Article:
250 US mayors pass resolution to target 100pct renewable energy by 2035

BE2C2 Report by Irshad Salim — The U.S. Conference of Mayors (USCM) on Monday approved a resolution supporting a 100 percent renewable energy goal by 2035, and launched the Ready for 100 campaign to support the utilization of more clean power.

The group of more than 250 U.S. mayors also passed resolutions to support vehicle electrification, energy efficiency grants and city-driven plans to reverse climate change. The resolutions are symbolic and represent statements of intent for city planning and work with federal and state governments.

Interest in renewables is already running high in US cities: A joint survey by USCM and the Center for Climate and Energy Solutions found almost 70% of responding cities already generate or purchase some clean energy, more than 20% are considering the option, and more than 60% are buying low-emissions vehicles for fleets.

The United States has withdrawn from the United Nations climate accord, however, the U.S. Conference of Mayors believes its members can meet or exceed the national commitment, highlighting the local level at which clean energy policies must actually be enacted.

According to reports, about three dozen U.S. cities have already committed to transition to 100% renewable energy.

Earlier this month, a dozen states and Puerto Rico formed the U.S. Climate Alliance.

The states, led by Washington, New York and California, said they are committed to upholding their end of the United Nations Paris climate accord. Sierra Club noted.

Trump argued that the Paris agreement is a “bad deal for Americans” that “disadvantages the United States at the exclusive advantage of other countries.” The accord was signed by President Obama and aims to limit global warming to 2°C this century, translating into an 80% economy wide decarbonization for the U.S. by 2050.

But green energy supporters say that in addition to cleaner air and water, the shift can also fuel jobs growth. San Diego Mayor Kevin Faulconer said his city is shifting to clean energy “not only because it supports clean air and water, but because it supports our 21st century economy.”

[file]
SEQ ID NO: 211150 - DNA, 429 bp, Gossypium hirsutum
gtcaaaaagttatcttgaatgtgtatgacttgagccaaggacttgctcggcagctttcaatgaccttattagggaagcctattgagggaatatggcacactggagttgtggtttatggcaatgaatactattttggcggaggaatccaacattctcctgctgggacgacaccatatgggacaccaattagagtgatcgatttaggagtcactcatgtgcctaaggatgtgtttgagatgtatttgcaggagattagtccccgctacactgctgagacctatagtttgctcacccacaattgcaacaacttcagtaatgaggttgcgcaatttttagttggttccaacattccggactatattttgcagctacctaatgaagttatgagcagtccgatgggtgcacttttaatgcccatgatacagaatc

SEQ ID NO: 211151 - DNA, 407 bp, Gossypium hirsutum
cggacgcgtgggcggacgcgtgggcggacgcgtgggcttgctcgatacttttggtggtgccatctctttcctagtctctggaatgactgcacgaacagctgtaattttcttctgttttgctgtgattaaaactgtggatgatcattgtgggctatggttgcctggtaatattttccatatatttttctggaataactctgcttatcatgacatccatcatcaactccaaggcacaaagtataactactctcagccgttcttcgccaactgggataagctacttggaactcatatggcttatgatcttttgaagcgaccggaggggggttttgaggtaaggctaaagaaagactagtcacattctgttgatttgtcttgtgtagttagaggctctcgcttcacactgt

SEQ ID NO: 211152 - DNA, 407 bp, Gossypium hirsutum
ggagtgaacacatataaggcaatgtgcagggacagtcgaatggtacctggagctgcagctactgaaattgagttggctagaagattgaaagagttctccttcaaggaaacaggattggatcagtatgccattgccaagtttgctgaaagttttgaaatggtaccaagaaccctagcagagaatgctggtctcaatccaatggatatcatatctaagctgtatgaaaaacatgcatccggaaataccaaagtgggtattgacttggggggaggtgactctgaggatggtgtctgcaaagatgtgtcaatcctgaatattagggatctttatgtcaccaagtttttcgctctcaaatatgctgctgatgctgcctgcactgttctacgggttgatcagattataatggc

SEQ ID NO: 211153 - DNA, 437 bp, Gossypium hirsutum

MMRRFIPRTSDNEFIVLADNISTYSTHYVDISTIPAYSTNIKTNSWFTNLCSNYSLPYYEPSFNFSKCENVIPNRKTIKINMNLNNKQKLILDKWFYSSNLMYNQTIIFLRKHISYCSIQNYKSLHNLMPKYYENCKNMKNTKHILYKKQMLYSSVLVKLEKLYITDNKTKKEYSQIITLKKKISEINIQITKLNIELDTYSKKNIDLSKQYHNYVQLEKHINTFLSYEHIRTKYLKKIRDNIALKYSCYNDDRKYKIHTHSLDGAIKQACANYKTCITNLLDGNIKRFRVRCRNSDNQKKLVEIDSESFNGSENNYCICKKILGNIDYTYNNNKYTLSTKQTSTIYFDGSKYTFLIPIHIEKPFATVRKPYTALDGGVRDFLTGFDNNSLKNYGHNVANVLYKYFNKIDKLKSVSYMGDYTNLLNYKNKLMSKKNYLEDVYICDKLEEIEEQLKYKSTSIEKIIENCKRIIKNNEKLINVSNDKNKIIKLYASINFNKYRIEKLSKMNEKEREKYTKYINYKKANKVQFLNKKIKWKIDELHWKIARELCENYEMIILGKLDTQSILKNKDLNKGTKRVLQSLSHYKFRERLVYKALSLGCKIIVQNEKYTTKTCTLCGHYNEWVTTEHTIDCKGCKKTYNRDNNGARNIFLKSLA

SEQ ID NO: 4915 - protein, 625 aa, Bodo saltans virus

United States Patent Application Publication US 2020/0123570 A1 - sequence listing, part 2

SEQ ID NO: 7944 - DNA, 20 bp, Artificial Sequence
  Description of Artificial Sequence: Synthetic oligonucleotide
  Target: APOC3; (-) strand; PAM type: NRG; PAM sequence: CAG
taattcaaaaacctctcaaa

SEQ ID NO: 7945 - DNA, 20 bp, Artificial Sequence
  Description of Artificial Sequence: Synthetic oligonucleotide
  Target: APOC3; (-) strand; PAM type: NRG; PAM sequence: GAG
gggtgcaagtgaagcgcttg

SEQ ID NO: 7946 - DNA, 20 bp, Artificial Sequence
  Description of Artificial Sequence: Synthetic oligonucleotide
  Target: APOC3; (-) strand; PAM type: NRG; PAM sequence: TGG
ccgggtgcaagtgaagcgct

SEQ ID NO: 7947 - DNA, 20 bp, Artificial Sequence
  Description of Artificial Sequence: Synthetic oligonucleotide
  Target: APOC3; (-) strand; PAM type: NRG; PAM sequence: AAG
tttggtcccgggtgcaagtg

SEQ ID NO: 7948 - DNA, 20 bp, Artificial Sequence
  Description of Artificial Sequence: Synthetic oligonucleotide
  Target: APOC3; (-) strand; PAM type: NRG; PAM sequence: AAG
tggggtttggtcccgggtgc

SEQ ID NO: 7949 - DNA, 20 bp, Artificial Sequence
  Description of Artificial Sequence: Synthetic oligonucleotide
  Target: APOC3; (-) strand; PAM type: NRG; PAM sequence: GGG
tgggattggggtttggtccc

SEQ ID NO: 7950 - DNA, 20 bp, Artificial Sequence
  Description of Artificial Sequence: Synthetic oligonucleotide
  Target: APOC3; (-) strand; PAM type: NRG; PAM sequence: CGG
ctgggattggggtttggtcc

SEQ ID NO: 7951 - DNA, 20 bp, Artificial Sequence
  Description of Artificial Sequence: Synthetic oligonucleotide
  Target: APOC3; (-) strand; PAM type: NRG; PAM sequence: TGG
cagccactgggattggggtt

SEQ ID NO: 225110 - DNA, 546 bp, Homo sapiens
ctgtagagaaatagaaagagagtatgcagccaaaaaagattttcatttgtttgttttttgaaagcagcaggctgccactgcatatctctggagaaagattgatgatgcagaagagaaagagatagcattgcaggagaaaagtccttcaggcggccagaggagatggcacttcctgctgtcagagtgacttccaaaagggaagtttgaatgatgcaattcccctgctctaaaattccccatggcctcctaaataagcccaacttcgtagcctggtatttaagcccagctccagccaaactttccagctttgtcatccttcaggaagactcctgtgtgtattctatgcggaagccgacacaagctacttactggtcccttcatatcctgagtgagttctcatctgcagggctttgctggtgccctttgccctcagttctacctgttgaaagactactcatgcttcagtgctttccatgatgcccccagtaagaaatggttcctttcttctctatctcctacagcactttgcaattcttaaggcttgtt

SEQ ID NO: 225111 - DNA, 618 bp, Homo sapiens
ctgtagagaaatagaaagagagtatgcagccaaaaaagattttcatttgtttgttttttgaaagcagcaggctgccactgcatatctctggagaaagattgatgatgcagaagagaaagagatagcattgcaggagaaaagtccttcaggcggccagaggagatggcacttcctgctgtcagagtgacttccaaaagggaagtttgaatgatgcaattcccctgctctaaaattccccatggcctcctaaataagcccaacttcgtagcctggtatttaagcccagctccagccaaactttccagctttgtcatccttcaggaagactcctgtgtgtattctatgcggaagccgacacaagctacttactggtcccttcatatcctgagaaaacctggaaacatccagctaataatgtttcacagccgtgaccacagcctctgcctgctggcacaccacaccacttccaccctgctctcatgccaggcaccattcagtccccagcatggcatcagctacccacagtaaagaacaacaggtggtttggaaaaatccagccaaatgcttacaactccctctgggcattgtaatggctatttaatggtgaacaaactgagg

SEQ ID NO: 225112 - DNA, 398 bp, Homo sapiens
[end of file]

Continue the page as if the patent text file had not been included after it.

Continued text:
According to analysis by Sierra Club, if cities belonging to the USCM moved to 100% clean energy, “it would reduce electric sector carbon emissions by more than that of the five worst carbon polluting U.S. states combined.”

If the 100% energy targets were achieved by 2025, the environmental group said the total electric sector carbon pollution reductions would “fill anywhere from 87% to 110% of the remaining reductions the United States would need to achieve in order to meet the goals of the Paris Agreement.”

In a related note, solar energy in the US alone employs more people than traditional coal, gas and oil combined.

In 2016, employment in solar power increased by 25 per cent, adding 73,000 new jobs to the US economy, while wind energy employment witnessed an increase of 32 per cent.

A report by the US Department of Energy (DOE), said solar power employed 374,000 people over the year 2015-2016, leading to 43 per cent of the power sector’s workforce.

Whereas, the traditional fossil fuels employed 187,117 people, making up to just 22 per cent of the sector’s workforce.

The report adds: In a period of ten years, between 2006 and 2016, the net generation from the traditional fossil fuels has declined by 53 percent, whereas, electricity generation from the natural gas increased by 33 per cent, and solar by over 5,000 per cent in the same period.

The revelation is contrary to the ideology of President Trump, who has stepped out the Paris climate deal.

“The Paris Agreement handicaps the United States economy in order to win praise from the very foreign capitals and global activists that have long sought to gain wealth at our country’s expense. They don’t put America first. I do, and I always will,” said Trump.

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